Dengue Fever Could Be Controlled Via Mosquito Parasite Featured Article Main Category: Tropical Diseases Also Included

In: Biology / Biochemistry; Blood / Hematology; Infectious Diseases / Bacteria / Viruses Article Date: 02 Jan 2009 - 8:00 PDT email to a friend opinions printer friendly view / write

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. an attractive alternative way of preventing disease spread.With laboratory-bred mosquitoes. In their background information the authors explained how most pathogens transmitted by mosquito need to spend a long time in the insect before they can be passed onto the human host. and is published on 2 January 2009 in the journal Science. In effect this is what the researchers were able to do. scientists in Australia and China showed it may be possible to reduce the spread of dengue fever by using a parasite to shorten the life-span of the mosquito that carries the virus. for instance with a parasite. making the prospect of shortening mosquito lifespan. and the College of Life Sciences at Central China Normal University in Wuhan. Efforts to use pesticides to wipe out the mosquito that carries the dengue fever virus have not been very successful. Thus only older mosquito "vectors" pose a threat to humans. The study is the work of researchers from the School of Integrative Biology at the University of Queensland in Brisbane. mostly because the insects develop immunity to the chemicals. so scientists have been looking for a new approach that circumvents this problem.

giving two powerful means by which a mosquito population can very quickly become infected with the parasite. which should facilitate its invasion into natural field populations and its persistence over time. but infected males could only produce offspring with infected females. They found that the association between the parasite and the host mosquito was "stable" and passed onto the next generation ("maternally inherited") at a high frequency." "Our data suggest that targeting mosquito age with inherited Wolbachia infections may be a viable strategy to reduce the transmission of pathogens such as dengue viruses. They had to modify the parasite to make in infectious to Aedes aegypti mosquitoes.under laboratory conditions: they halved the lifespan of Aedes aegypti mosquitoes (the type that carry the dengue virus) by infecting them with a bacterial parasite called Wolbachia. because they are not normally vulnerable to that particular bacterium. . Not only did infected females pass on the bacterium." they concluded. The researchers also found that the parasite is: "Capable of inducing complete cytoplasmic incompatibility.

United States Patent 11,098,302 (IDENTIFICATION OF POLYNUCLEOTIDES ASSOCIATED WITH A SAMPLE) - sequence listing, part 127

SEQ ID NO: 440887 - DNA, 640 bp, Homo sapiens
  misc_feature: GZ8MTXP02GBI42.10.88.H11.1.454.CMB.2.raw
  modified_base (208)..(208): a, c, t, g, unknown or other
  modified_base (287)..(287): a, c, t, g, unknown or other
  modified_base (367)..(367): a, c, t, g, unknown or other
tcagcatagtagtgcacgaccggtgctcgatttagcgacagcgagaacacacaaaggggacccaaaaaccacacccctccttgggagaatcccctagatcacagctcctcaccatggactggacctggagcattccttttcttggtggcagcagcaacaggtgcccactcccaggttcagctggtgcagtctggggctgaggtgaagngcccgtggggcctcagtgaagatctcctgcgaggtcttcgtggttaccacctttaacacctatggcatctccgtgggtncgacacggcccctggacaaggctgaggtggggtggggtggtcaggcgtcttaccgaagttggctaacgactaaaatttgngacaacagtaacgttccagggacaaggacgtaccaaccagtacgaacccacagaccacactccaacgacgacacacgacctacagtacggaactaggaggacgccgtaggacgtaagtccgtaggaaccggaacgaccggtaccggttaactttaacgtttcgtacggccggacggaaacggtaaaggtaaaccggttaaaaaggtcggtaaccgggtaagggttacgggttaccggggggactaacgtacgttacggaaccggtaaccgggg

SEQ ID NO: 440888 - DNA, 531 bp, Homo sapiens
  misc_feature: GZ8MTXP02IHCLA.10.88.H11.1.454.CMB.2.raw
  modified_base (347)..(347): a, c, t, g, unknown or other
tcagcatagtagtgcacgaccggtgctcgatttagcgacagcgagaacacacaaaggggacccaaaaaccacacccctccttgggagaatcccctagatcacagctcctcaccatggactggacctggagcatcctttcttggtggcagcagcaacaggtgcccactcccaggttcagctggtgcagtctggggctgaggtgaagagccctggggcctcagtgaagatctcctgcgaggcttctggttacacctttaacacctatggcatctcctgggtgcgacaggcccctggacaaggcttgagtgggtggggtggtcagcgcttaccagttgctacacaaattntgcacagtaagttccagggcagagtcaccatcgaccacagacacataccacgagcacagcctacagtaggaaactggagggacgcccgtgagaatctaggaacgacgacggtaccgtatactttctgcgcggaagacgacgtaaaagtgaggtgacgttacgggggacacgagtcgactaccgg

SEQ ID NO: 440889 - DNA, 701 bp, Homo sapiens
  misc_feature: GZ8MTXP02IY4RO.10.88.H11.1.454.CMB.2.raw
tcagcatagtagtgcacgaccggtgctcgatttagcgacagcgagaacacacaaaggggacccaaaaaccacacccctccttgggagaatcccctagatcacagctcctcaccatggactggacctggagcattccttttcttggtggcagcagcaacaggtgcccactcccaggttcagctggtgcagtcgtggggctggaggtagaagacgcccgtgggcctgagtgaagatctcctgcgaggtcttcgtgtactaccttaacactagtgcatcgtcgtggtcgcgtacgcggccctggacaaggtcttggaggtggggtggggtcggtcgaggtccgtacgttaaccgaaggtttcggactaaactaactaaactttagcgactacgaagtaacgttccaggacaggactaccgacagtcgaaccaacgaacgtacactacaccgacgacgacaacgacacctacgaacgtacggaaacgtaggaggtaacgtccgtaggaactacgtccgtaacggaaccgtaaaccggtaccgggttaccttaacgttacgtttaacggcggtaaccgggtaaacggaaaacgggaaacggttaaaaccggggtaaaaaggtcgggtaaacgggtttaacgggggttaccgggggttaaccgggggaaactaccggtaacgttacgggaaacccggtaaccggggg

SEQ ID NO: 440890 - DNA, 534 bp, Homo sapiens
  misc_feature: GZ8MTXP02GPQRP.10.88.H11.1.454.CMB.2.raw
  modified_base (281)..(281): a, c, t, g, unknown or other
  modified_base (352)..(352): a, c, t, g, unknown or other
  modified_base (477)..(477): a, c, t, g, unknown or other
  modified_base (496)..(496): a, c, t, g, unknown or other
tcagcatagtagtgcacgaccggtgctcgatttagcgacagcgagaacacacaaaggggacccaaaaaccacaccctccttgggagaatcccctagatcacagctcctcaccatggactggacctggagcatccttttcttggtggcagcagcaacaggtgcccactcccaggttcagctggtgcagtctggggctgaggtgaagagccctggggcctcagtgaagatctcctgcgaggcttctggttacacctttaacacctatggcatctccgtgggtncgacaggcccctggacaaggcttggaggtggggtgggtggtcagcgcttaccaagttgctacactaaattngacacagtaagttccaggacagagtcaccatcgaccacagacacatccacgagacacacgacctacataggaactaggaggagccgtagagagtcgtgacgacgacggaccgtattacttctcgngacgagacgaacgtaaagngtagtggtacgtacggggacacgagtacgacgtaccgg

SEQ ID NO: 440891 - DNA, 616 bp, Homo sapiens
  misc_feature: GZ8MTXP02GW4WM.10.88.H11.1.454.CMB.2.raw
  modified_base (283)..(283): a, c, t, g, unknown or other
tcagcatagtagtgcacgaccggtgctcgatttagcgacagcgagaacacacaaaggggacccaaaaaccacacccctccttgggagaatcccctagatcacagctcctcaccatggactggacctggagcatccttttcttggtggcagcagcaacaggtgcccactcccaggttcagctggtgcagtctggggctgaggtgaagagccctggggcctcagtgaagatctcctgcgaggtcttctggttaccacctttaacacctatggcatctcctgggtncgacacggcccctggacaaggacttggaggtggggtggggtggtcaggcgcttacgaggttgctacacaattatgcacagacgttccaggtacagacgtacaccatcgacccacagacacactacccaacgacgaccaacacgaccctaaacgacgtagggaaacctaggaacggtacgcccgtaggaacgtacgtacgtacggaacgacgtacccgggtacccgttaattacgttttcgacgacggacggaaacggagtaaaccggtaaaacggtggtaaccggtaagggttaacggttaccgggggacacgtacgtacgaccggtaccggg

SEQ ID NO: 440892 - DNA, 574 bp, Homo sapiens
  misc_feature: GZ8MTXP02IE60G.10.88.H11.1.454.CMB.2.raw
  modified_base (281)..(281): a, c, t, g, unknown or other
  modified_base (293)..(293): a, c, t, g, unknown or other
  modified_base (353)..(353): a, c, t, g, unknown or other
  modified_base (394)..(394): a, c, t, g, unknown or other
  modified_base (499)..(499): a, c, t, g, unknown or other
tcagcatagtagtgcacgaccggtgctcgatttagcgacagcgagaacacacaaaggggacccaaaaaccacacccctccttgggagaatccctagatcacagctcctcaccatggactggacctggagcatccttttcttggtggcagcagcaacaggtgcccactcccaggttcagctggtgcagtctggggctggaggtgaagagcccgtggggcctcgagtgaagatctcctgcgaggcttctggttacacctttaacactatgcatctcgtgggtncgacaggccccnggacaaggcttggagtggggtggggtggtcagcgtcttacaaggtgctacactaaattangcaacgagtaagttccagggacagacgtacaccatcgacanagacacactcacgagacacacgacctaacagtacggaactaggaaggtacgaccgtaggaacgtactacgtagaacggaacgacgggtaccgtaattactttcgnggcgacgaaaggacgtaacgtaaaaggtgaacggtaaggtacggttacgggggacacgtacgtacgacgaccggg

said that while this study suggests there could be "substantial" reductions in disease transmission. it remains to be seen how well the parasite spreads in the wild. and how many infectious mosquitoes it can remove. For example. many obstacles still remain. . Drs Andrew Read and Matthew Thomas. they said.Commenting in the same issue of the journal. the dengue virus could also adapt to survive. who specialize in infectious disease dynamics at Pennsylvania State University in the US. Also.

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